- The Cape Coast Castle and Elmina Castle are worth visiting. These former slave forts, which have now been restored and turned into museums and monuments tell the story of the Trans-Atlantic Slave trade and bear witness to those who were snatched from the shores of Ghana and forced on a passage westward. Melancholy and haunting, you should visit to remember, you should visit to experience, and you should visit to honor those who perished or passed through the dungeons and doors of no return. Just as people visit Auschwitz, these castles, are places of remembrance and bear testament to how far we have come as a civilization. On the brighter side, the Cape Coast Castle is home to a wonderful community of local artists. You can go to the shops in the courtyard and find wonderful and authentic gifts. I connected with many locals and established friendships by hanging around the castle, being present and asking questions. Ghanaians are extremely friendly and eager to swap stories and tales. The Cape Coast Café is also a great place to grab a Fanta and watch the waves of the Atlantic Ocean crash against the boulders below.
- Kakum National Park is a lush 375 square km forested park in Central Ghana. Kakum is home to jungle canopies; an exotic variety of flowers and plants, several species of monkeys, colorful birds and butterflies, and apparently, during certain seasons, forest elephants. The canopy tours are adrenaline pumping. I’m not afraid of heights, but the bridges were so narrow, and those wooden planks so delicate, that I was a bit shaken. Well worth the anxiety, the views were astonishing. I wanted so badly to spot a forest elephant, but it wasn’t meant to be.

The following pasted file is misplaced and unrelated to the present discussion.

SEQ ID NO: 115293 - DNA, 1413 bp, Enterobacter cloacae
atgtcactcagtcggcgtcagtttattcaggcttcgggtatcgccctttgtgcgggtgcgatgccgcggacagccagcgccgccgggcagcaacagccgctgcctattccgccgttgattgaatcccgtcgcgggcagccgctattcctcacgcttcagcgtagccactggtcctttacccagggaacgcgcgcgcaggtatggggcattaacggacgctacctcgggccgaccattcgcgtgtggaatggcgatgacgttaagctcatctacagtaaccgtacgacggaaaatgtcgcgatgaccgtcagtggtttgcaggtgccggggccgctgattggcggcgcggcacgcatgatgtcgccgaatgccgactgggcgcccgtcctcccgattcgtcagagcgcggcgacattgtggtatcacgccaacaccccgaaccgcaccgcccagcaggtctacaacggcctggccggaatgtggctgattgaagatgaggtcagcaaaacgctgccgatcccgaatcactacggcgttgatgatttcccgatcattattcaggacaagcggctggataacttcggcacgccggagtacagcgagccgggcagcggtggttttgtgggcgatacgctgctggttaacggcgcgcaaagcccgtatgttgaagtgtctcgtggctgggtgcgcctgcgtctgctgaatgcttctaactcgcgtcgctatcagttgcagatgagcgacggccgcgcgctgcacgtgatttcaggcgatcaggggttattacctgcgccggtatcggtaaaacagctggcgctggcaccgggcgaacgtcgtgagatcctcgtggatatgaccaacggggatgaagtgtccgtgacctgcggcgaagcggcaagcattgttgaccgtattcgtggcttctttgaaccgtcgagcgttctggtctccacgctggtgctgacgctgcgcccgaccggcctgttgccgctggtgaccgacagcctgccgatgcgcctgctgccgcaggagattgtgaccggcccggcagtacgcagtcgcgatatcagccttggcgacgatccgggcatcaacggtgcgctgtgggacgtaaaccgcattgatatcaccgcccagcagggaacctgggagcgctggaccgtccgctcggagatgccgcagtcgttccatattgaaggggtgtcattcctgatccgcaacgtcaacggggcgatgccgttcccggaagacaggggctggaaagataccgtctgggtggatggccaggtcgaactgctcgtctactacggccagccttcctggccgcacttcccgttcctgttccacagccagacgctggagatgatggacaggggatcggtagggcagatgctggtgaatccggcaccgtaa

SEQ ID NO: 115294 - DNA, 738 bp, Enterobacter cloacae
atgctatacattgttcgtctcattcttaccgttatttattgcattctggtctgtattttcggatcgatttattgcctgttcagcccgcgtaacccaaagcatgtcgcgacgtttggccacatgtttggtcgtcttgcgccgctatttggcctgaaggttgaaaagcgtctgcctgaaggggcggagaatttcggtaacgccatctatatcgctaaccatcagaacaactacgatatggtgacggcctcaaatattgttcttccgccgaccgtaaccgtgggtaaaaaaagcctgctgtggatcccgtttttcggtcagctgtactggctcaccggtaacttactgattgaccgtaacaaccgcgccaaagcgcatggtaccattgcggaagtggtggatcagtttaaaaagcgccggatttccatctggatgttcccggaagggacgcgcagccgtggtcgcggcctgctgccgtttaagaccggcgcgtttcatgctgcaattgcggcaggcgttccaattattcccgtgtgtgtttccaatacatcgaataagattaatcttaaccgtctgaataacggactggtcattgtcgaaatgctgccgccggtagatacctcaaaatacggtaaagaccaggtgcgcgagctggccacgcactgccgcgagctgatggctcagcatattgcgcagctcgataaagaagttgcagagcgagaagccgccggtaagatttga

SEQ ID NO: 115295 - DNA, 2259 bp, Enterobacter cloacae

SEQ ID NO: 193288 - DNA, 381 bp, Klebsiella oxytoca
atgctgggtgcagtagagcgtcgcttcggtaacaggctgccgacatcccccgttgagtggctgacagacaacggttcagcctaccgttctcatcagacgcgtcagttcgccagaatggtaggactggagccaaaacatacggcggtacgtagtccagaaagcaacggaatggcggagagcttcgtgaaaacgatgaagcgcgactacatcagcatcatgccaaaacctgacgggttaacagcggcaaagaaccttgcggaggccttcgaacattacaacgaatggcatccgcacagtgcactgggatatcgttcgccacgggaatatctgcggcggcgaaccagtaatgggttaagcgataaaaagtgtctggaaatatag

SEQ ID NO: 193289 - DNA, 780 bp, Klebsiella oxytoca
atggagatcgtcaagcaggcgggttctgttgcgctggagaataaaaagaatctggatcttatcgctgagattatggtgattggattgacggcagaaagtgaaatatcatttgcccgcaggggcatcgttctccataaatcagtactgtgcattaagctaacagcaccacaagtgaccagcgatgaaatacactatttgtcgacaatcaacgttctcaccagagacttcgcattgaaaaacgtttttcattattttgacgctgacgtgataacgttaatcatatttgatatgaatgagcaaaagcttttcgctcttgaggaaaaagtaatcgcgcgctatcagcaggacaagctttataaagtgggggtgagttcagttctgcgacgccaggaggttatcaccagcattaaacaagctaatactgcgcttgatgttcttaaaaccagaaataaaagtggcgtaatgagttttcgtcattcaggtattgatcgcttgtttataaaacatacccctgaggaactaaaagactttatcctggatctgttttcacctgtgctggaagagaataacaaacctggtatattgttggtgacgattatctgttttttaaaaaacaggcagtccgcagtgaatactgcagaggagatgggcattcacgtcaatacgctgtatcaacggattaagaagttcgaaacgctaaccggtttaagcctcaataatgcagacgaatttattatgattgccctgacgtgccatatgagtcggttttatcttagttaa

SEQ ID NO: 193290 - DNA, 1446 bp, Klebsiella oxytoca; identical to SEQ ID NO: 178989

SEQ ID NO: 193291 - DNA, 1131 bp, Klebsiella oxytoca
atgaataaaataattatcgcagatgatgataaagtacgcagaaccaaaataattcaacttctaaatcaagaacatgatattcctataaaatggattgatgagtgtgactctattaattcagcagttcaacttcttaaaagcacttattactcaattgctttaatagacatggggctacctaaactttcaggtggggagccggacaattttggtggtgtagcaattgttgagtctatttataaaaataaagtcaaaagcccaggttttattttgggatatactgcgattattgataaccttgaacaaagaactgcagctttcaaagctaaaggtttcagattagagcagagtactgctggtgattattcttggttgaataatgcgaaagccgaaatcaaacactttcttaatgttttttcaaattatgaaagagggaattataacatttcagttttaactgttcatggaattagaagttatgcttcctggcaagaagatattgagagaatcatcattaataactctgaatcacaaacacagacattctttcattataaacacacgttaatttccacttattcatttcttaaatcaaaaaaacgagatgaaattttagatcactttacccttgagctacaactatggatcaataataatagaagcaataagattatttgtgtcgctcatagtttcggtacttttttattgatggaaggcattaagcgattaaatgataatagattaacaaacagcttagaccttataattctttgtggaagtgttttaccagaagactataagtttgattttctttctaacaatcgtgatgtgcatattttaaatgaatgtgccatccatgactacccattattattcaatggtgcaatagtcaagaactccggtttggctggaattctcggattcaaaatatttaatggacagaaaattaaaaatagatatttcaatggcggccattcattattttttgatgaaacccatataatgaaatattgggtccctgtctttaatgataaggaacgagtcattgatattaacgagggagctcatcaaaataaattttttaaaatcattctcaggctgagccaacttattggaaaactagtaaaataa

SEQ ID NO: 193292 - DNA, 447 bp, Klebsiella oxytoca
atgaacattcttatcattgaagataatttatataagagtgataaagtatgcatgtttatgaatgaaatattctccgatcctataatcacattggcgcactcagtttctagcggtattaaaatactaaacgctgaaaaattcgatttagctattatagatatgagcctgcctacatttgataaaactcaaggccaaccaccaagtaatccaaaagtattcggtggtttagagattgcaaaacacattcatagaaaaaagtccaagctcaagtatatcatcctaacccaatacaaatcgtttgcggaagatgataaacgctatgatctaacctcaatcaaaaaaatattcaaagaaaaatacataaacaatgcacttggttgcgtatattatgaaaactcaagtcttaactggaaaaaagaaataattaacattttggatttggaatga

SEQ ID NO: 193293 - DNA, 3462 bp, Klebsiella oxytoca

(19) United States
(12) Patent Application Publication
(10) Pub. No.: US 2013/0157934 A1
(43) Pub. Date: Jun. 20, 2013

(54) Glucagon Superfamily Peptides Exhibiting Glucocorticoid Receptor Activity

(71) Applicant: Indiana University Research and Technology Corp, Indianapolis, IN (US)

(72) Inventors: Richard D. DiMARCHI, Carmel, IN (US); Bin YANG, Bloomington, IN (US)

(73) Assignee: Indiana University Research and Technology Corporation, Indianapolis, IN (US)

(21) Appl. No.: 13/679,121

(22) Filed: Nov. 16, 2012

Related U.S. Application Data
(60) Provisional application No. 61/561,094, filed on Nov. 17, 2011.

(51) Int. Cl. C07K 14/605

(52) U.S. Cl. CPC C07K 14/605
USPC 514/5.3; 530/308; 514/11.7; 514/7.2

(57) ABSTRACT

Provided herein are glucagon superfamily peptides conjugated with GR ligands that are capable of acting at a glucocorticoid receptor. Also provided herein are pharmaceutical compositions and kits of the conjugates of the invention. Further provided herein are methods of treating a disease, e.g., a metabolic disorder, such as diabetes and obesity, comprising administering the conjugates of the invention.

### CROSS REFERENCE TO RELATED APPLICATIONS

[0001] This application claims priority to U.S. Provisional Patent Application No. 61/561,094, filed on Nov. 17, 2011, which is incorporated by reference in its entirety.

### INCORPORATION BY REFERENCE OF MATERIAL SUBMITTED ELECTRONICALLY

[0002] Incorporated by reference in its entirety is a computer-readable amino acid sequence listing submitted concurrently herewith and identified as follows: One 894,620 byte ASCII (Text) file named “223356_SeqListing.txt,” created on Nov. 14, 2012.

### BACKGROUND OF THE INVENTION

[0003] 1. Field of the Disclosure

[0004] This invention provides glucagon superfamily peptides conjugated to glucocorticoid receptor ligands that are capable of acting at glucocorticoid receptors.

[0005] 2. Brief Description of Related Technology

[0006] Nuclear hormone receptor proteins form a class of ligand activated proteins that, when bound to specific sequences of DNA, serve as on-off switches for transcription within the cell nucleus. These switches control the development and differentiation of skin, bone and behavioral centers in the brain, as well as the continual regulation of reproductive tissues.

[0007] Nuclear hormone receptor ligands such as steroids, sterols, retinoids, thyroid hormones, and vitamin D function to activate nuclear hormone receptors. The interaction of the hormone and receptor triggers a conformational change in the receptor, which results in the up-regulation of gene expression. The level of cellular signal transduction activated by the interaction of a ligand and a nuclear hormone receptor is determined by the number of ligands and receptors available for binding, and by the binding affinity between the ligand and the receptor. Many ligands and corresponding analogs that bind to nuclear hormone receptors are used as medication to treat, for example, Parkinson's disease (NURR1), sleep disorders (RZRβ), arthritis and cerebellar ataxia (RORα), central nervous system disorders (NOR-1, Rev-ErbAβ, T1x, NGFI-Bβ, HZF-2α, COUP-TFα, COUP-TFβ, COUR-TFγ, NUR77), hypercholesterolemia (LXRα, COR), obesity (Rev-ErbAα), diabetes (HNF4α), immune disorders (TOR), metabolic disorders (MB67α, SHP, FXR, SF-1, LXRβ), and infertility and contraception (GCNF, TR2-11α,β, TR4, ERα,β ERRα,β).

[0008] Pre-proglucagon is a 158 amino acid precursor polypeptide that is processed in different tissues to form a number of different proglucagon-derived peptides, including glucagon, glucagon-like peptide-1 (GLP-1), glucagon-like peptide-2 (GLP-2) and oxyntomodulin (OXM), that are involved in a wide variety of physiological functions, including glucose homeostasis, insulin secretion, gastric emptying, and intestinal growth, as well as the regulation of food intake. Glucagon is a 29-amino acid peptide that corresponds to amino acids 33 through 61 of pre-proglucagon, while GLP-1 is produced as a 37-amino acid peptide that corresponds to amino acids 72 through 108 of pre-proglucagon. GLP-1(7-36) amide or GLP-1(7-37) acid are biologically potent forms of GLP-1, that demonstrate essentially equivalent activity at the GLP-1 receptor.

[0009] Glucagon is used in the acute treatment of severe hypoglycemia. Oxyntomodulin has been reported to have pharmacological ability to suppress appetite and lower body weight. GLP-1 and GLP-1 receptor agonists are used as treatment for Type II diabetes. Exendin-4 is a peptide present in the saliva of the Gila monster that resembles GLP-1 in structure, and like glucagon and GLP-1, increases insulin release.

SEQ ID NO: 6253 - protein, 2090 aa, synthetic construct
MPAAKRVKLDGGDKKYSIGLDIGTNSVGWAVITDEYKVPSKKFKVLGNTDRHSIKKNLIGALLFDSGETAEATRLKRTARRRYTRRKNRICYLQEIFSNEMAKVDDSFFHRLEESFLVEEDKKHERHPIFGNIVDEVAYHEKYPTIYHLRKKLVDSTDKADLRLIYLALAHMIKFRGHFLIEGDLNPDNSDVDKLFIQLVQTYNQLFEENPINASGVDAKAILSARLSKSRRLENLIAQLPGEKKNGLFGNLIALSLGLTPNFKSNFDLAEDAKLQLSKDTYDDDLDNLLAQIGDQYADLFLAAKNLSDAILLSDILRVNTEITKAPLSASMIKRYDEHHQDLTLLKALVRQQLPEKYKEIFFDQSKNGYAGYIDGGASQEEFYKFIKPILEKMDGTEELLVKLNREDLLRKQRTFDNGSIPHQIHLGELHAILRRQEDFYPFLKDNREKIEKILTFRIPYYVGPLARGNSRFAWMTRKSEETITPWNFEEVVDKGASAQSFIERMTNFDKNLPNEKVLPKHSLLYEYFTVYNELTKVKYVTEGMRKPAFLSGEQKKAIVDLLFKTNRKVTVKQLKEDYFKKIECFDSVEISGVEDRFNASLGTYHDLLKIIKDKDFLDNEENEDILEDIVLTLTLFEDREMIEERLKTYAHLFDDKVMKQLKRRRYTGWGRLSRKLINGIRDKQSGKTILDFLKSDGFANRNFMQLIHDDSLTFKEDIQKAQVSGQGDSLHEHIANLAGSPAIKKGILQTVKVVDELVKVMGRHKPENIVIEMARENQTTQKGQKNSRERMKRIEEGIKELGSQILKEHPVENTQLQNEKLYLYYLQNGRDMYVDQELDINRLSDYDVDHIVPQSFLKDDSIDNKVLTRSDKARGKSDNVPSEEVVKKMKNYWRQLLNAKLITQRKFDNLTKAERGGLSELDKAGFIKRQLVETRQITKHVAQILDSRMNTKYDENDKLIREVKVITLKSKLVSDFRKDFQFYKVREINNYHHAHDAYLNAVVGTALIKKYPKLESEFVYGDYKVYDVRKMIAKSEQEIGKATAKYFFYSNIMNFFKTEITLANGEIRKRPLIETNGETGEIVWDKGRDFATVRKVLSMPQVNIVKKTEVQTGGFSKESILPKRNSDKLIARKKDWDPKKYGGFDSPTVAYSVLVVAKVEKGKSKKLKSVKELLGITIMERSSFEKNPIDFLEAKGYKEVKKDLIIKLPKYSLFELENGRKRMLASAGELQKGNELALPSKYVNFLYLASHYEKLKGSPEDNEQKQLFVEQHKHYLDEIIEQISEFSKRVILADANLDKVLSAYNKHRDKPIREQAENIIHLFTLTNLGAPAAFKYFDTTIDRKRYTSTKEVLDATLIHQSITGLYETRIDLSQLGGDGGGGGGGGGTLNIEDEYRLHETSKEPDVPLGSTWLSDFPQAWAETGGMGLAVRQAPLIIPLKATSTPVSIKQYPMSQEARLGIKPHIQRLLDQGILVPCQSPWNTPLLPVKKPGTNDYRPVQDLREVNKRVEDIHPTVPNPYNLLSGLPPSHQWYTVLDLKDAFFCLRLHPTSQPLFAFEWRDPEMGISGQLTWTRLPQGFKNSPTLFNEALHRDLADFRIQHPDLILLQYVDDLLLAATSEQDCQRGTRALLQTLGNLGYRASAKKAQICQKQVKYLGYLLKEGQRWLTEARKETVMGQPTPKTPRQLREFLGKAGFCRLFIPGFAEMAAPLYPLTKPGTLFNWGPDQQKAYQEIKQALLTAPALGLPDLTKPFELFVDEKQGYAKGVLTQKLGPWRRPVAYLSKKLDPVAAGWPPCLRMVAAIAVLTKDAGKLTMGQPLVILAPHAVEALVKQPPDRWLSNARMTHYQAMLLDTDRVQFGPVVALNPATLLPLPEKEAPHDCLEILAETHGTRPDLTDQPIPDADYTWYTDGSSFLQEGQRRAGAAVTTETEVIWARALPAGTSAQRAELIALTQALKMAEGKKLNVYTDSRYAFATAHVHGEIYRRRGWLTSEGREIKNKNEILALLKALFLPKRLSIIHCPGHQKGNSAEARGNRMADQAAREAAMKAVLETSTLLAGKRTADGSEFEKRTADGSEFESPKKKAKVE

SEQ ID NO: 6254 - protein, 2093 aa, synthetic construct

- Nzuelo Stilt Village- Located in the middle of lake Anasuri, the Nzuelo Stilt Village is a traditional village, which has existed on the lake for the last 500 years. A photographers paradise, a visit to the village is a visit back in time. Accessible only by canoe, through snake and crocodile infested waters (how's that for adventure) you can spend the night in the village and get to know the locals who live life; in a way that is very similar to the way they lived it centuries ago. A small fishing community, women and children are often seen walking around naked and topless. My friend Alison and I made the trek in 2005. The chief and his son greeted us ceremoniously, the local women prepared traditional meals and we were allowed a rare glimpse into a way of life that is about as close as can be to tradition in this modern world. This recommendation comes with a caveat however. Female travelers, be prepared to stand your ground. Alison and I had to deal with some pretty inappropriate advances from the chief’s son and his friends. It made for some uncomfortable moments. I wouldn’t visit the village as a solo female traveler.
- Mole Game Reserve- Lions, antelope and elephants- oh my! The Mole Game reserve is Ghana’s answer to the vast Savannas of her Southern and Central African neighbors. The game reserve sits on 1300 square miles of lush land. Guides will take you through the maze of tall grass and trees. Get ready, to get surprisingly close to the wildlife. I had my first of many crocodile encounters here. Make sure to look down.